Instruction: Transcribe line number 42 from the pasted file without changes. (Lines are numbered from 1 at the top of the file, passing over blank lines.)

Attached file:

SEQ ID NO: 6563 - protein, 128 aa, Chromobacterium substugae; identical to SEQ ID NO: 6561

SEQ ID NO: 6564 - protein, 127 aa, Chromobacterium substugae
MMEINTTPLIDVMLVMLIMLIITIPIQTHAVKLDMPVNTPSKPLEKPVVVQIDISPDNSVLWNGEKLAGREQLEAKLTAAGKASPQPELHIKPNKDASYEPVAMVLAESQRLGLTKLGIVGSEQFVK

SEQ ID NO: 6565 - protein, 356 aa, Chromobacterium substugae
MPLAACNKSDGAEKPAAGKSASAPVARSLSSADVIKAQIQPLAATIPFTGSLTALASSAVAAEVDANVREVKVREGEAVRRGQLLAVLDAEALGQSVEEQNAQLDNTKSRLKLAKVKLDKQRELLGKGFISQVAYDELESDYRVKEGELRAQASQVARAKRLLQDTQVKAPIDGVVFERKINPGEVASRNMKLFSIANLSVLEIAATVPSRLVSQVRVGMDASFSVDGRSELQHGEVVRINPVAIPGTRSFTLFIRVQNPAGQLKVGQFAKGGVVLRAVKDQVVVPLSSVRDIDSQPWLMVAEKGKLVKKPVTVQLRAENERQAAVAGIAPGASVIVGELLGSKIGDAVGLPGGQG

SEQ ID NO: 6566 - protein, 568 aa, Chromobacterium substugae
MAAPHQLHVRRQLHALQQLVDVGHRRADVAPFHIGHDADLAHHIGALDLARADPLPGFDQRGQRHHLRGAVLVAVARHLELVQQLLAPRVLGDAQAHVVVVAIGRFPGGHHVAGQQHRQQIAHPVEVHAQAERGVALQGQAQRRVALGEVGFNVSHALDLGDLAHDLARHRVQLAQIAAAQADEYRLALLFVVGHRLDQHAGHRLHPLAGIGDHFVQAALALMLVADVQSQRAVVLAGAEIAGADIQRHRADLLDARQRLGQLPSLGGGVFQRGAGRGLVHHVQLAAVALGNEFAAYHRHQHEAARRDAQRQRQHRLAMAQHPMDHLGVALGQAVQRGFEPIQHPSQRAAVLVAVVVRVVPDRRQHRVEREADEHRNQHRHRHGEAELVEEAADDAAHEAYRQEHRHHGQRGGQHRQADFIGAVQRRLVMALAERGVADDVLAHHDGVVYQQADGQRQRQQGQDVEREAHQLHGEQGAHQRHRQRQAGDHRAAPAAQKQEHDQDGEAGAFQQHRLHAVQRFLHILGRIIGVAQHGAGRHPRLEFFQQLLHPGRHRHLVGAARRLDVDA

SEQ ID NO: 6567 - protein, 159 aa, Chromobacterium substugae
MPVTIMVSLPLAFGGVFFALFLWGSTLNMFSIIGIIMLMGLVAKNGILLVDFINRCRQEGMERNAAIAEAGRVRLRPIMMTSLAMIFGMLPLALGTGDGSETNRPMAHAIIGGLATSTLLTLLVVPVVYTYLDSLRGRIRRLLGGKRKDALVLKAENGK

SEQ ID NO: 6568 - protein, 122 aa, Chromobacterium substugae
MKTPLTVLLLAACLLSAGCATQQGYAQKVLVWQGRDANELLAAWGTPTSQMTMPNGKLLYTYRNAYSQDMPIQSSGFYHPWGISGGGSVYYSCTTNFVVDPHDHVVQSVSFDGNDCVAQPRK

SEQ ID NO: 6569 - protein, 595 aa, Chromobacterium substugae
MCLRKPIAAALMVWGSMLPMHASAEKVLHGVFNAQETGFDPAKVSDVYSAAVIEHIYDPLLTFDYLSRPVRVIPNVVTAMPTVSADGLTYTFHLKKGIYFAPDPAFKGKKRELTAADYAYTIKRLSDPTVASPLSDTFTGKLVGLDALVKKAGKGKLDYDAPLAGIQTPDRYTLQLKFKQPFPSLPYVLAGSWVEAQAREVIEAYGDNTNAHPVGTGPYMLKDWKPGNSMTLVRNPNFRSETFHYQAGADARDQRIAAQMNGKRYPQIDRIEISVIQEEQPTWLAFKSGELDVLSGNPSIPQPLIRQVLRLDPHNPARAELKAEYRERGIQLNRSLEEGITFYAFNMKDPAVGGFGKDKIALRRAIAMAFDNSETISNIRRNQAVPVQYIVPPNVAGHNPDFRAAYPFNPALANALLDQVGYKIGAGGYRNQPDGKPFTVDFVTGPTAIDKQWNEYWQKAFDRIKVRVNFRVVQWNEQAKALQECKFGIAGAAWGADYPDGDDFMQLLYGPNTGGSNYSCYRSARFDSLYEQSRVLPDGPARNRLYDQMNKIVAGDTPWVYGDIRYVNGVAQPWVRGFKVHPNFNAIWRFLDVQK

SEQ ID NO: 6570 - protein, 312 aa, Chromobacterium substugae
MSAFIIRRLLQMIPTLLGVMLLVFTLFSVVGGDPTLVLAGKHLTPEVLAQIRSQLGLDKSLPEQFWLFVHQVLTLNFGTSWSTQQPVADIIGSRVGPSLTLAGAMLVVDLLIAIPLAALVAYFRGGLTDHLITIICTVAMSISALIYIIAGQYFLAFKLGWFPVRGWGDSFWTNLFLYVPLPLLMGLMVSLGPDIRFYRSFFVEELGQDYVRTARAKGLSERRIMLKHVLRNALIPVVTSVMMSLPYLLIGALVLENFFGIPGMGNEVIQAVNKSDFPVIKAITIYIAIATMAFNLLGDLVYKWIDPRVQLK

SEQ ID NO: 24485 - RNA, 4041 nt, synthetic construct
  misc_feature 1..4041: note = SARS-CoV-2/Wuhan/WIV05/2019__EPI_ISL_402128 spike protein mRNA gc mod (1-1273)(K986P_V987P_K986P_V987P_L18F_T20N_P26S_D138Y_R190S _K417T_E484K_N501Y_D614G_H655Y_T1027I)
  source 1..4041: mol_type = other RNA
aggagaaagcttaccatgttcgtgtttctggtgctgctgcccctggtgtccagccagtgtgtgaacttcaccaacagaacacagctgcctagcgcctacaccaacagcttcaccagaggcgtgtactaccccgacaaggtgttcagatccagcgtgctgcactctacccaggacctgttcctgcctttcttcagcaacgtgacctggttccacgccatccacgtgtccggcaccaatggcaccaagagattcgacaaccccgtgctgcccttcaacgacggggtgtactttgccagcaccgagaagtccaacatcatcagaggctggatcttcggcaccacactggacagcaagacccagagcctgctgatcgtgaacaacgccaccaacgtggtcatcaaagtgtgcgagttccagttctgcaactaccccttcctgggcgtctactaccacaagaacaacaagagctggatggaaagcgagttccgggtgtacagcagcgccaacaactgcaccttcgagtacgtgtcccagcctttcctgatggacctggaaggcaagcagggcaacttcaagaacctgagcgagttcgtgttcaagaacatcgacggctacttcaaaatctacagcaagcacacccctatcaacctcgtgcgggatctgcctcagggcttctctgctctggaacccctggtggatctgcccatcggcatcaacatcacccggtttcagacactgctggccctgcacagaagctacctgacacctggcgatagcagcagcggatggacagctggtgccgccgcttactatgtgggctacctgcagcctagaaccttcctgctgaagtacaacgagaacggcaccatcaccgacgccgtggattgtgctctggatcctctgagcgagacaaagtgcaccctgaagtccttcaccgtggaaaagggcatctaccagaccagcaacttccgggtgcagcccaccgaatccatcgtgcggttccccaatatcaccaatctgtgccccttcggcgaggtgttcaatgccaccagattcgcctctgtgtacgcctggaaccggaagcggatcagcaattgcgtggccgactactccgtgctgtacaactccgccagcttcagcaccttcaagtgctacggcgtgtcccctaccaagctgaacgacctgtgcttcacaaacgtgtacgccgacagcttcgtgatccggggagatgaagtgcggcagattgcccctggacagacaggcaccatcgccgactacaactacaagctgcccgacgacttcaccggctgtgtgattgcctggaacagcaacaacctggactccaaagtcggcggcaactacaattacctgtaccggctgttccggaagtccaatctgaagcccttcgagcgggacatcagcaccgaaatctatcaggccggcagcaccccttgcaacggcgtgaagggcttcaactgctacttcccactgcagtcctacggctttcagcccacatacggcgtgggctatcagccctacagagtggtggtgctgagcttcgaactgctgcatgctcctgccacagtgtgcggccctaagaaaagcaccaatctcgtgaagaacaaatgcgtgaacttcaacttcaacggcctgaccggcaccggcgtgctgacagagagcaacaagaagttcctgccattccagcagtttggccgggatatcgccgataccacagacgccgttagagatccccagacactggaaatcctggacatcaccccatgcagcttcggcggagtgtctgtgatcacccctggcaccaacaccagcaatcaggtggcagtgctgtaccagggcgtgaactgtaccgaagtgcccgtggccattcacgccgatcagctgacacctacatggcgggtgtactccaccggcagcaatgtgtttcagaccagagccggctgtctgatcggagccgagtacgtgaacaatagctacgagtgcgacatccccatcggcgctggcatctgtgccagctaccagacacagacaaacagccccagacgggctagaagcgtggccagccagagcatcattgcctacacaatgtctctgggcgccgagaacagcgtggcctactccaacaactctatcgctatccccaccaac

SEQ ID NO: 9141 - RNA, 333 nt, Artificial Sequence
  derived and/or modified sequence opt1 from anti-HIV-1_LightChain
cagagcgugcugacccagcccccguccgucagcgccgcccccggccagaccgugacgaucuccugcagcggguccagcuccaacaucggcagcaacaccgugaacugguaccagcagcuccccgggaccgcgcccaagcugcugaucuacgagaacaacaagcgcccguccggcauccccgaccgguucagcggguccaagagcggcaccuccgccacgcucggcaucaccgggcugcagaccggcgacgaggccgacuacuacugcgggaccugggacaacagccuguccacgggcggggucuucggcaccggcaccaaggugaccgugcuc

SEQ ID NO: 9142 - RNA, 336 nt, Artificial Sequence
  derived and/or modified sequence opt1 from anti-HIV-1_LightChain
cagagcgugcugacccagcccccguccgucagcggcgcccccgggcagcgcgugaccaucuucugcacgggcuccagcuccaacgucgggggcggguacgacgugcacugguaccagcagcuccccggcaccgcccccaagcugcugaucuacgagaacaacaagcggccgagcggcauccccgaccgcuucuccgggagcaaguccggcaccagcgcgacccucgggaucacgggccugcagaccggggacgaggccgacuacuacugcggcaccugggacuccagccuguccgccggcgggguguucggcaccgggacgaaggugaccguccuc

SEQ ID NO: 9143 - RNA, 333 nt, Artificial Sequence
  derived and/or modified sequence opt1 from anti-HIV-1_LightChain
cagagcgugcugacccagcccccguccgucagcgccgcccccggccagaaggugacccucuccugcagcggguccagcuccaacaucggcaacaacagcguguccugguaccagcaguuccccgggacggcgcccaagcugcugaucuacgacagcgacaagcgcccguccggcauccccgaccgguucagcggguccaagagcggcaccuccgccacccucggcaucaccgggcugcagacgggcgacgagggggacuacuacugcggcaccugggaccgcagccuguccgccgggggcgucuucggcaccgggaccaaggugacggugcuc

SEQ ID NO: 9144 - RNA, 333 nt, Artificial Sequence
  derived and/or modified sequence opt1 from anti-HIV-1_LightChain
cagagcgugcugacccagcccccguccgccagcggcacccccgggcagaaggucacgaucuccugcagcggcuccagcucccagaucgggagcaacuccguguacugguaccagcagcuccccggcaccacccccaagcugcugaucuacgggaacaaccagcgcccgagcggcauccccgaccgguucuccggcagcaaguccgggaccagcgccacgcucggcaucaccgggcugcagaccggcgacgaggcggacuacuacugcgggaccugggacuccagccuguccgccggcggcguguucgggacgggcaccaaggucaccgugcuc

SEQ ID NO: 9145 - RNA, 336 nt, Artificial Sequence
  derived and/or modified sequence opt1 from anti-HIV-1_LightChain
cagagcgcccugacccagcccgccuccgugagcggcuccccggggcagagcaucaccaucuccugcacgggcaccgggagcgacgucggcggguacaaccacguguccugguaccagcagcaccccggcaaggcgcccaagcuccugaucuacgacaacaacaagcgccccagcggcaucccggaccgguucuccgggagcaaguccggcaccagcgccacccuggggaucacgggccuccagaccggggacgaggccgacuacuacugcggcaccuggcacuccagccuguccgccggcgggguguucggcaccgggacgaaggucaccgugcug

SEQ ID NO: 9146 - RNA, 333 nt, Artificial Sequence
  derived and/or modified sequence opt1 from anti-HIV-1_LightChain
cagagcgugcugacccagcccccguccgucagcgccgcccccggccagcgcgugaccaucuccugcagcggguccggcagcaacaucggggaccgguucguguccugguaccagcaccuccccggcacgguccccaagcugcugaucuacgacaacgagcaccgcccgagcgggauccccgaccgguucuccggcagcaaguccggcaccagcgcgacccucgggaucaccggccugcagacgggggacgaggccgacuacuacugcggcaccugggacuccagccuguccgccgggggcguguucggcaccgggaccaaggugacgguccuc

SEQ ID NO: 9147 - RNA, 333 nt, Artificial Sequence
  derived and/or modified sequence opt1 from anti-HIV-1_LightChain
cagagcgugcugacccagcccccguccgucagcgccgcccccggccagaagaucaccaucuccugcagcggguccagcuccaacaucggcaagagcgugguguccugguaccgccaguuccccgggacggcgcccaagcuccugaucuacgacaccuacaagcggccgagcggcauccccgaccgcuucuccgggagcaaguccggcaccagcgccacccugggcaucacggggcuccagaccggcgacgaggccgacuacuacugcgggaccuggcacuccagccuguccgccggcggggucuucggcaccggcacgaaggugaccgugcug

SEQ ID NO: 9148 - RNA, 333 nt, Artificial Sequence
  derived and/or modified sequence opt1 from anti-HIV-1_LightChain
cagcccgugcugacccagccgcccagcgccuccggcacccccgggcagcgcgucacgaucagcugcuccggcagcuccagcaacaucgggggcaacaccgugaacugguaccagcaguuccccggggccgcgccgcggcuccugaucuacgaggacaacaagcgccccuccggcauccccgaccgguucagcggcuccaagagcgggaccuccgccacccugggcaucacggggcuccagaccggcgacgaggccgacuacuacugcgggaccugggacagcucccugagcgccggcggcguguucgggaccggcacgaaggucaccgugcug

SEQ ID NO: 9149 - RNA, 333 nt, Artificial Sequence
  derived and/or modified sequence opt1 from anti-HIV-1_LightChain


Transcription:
  derived and/or modified sequence opt1 from anti-HIV-1_LightChain